Broadband Communities

MAR-APR 2017

BROADBAND COMMUNITIES is the leading source of information on digital and broadband technologies for buildings and communities. Our editorial aims to accelerate the deployment of Fiber-To-The-Home and Fiber-To-The-Premises.

Issue link:

Contents of this Issue


Page 41 of 84

MARCH/APRIL 2017 | | BROADBAND COMMUNITIES | 37 In addition, subscribers in areas with one broadband provider get less than half the bandwidth that subscribers in areas with two or more providers get for the same price. (See Figure 2.) Furthermore, more than two- thirds of businesses across the United States don't have broadband that meets the FCC's definition of 25 Mbps download, and almost half don't have 3 Mbps upload speed. (See Figures 3 and 4.) If broadband service providers cannot make a business case for investing because of high construction costs (for example, in the mountains), low population density, low expected take rates or low revenues per user, they won't invest – and, given their lack of a business case, they probably shouldn't. is is a significant competitive disadvantage for rural businesses that need reliable, affordable, high-speed internet to participate effectively in the digital economy. SNG research shows that communities and regions have difficulty retaining businesses if they don't have broadband. (See Figure 5.) Broadband is an essential service. It is the infrastructure for the digital economy, and broadband gaps must be addressed if communities in unserved and underserved areas are to • Improve business competitiveness, innovation, and growth • Retain and expand businesses • Enhance quality of life and household income • Enable "smart" municipal services. COMMUNITY BENEFITS NOT ON THE BALANCE SHEET When the same problem crops up over and over again, it's time to start looking for different options. For unserved and underserved areas, that starts with better understanding the realities of where the business case for broadband ends – which was the first step of my journey. e second step was to explore what can be done to bridge those gaps. Even though private-sector broadband providers cannot and should not build where there is no business case for investing, there are community benefits that are off- balance sheet to private investors that make the case for public investment in broadband. Airports, roads and electric grids are examples of public investment in infrastructure that makes sense as essential public goods because community benefits are greater than private-sector profits. For the last 15 years, SNG has focused beyond availability to meaningful use of broadband – that is, on how to drive economic and community benefits from whatever internet connection is available. Our Figure 1 Figure 2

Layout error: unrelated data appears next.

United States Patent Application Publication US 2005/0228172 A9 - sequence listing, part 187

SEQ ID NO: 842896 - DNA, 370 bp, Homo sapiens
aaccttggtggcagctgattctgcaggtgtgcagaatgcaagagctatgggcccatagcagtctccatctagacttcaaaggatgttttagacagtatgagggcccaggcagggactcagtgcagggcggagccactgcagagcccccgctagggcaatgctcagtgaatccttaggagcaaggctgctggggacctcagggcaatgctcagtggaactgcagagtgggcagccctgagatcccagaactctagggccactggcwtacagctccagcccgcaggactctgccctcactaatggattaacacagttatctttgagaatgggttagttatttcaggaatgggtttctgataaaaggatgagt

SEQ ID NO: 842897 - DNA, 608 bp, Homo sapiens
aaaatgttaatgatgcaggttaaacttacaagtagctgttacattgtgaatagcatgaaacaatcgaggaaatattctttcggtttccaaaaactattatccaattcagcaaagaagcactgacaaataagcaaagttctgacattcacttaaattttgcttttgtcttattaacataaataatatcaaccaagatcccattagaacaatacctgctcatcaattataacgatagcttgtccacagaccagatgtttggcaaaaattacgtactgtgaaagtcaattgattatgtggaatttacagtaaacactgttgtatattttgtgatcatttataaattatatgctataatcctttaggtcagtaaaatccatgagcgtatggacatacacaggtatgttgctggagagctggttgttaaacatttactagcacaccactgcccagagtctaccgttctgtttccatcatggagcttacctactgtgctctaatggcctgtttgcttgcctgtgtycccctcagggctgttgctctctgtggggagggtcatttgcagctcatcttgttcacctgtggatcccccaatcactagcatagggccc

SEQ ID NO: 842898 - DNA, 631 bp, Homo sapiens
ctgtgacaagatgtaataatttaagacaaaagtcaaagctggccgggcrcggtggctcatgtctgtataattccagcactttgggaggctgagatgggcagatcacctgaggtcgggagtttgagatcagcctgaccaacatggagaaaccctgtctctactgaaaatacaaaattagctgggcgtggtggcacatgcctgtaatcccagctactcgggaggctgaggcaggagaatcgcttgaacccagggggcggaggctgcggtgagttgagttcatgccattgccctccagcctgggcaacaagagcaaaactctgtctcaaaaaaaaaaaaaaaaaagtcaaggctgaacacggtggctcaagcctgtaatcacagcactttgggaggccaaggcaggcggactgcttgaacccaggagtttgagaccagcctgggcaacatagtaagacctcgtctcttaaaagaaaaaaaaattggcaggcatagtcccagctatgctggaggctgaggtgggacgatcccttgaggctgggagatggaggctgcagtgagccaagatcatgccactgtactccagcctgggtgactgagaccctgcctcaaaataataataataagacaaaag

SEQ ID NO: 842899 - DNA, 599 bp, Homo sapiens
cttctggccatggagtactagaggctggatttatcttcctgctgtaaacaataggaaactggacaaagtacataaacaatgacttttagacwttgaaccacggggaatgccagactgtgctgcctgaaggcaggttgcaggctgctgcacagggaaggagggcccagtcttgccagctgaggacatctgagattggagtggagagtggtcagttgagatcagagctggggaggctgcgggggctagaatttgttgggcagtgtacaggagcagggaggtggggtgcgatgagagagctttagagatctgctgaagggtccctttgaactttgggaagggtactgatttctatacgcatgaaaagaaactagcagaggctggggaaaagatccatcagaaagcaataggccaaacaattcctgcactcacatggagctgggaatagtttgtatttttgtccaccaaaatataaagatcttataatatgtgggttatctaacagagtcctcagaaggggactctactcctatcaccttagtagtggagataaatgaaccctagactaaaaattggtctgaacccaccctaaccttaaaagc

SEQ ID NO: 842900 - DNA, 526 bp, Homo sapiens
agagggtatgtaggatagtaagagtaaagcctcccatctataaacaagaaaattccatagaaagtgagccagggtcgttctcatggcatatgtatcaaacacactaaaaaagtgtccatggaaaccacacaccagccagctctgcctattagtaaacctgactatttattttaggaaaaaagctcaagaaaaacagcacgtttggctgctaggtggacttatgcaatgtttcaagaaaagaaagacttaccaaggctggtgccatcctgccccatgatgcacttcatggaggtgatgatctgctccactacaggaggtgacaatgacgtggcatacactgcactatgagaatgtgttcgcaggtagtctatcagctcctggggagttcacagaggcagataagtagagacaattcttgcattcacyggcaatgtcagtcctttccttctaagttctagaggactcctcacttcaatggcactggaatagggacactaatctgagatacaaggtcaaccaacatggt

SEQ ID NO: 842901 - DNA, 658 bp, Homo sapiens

Articles in this issue

Links on this page

Archives of this issue

view archives of Broadband Communities - MAR-APR 2017